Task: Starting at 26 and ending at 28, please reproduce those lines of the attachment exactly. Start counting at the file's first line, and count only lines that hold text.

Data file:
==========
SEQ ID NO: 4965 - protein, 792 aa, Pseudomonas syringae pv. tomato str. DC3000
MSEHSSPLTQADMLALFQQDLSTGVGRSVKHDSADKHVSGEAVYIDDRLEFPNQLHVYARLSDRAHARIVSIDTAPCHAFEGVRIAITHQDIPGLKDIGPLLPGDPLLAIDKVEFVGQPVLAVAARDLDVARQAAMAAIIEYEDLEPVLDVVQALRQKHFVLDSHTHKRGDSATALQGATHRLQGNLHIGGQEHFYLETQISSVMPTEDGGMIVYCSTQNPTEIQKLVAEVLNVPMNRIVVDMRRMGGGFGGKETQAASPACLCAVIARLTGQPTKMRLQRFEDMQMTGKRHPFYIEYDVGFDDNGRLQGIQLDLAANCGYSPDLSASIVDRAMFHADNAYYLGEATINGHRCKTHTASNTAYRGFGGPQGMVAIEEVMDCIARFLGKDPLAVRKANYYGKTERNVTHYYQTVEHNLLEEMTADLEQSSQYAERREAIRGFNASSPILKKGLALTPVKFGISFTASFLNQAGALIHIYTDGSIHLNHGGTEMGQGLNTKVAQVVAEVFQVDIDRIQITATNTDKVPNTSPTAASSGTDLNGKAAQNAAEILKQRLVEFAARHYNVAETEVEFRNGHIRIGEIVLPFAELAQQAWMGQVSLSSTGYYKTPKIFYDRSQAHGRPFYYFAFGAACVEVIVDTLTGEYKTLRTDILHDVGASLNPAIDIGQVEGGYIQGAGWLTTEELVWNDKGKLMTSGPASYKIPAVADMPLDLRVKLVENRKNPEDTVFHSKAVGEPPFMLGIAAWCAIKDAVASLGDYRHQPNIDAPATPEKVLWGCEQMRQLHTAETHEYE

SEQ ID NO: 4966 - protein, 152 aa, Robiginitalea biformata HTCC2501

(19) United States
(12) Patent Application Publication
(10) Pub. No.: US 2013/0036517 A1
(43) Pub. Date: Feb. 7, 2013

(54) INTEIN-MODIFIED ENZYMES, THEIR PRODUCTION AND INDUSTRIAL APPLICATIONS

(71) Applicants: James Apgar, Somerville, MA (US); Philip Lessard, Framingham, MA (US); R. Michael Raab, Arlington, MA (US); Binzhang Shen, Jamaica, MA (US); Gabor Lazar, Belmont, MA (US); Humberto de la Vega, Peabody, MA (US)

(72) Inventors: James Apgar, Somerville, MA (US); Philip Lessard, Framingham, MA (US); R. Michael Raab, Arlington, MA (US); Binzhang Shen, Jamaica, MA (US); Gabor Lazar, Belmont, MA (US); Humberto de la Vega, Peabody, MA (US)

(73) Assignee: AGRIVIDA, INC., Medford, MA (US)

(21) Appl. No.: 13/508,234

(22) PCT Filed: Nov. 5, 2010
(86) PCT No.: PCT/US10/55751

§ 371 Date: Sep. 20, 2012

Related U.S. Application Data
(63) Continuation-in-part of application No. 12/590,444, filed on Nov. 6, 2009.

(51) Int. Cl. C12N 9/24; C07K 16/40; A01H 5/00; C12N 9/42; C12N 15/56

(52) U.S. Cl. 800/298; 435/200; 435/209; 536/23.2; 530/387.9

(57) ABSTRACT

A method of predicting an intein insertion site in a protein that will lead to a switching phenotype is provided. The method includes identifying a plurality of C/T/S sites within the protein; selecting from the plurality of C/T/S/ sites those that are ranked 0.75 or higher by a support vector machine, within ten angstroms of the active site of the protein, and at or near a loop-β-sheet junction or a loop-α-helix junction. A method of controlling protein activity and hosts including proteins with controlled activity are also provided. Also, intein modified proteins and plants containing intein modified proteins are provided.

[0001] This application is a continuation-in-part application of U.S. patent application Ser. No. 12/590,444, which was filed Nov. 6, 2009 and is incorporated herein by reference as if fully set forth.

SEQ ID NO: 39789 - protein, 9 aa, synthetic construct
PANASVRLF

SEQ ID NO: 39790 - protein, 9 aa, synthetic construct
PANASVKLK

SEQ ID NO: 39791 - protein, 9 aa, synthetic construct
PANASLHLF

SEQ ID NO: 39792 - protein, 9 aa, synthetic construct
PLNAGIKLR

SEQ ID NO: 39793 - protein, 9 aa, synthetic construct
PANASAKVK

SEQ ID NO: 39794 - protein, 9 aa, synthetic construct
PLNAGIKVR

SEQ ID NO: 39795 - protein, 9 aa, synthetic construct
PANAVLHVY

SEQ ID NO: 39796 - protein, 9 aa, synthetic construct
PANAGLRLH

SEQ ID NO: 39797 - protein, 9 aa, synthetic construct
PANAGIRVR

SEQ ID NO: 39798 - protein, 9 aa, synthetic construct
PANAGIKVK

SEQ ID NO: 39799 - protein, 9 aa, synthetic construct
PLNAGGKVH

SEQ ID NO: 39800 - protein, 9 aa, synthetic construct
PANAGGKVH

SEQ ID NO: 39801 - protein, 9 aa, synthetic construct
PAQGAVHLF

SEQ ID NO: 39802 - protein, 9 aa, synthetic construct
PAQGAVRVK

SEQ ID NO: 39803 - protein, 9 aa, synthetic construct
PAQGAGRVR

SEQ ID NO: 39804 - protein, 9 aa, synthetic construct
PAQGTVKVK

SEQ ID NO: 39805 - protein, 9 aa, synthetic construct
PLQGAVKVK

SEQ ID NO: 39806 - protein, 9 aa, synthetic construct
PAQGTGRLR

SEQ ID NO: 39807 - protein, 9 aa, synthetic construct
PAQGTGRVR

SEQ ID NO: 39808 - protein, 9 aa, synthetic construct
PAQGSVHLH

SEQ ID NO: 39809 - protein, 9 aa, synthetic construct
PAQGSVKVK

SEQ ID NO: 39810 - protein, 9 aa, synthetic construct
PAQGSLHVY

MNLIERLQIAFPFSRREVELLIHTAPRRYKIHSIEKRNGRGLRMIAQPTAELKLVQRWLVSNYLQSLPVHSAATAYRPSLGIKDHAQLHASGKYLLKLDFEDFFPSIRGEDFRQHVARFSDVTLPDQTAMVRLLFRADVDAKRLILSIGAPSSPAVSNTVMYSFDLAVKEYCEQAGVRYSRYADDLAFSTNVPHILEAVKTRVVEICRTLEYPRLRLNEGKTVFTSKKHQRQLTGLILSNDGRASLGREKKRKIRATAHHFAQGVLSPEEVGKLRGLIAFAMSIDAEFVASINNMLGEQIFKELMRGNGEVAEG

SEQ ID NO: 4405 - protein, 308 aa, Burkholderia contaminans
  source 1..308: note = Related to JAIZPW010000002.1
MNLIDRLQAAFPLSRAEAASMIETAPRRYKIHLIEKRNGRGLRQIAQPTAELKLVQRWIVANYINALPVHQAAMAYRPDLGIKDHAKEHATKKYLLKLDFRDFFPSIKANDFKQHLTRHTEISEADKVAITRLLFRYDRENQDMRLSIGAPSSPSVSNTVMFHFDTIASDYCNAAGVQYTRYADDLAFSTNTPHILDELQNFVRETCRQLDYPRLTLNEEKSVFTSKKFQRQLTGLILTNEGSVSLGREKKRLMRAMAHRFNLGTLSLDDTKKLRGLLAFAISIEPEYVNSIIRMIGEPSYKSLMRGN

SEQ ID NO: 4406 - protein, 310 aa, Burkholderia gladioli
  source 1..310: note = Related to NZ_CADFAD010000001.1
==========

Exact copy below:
PANASVKLK

SEQ ID NO: 39791 - protein, 9 aa, synthetic construct
PANASLHLF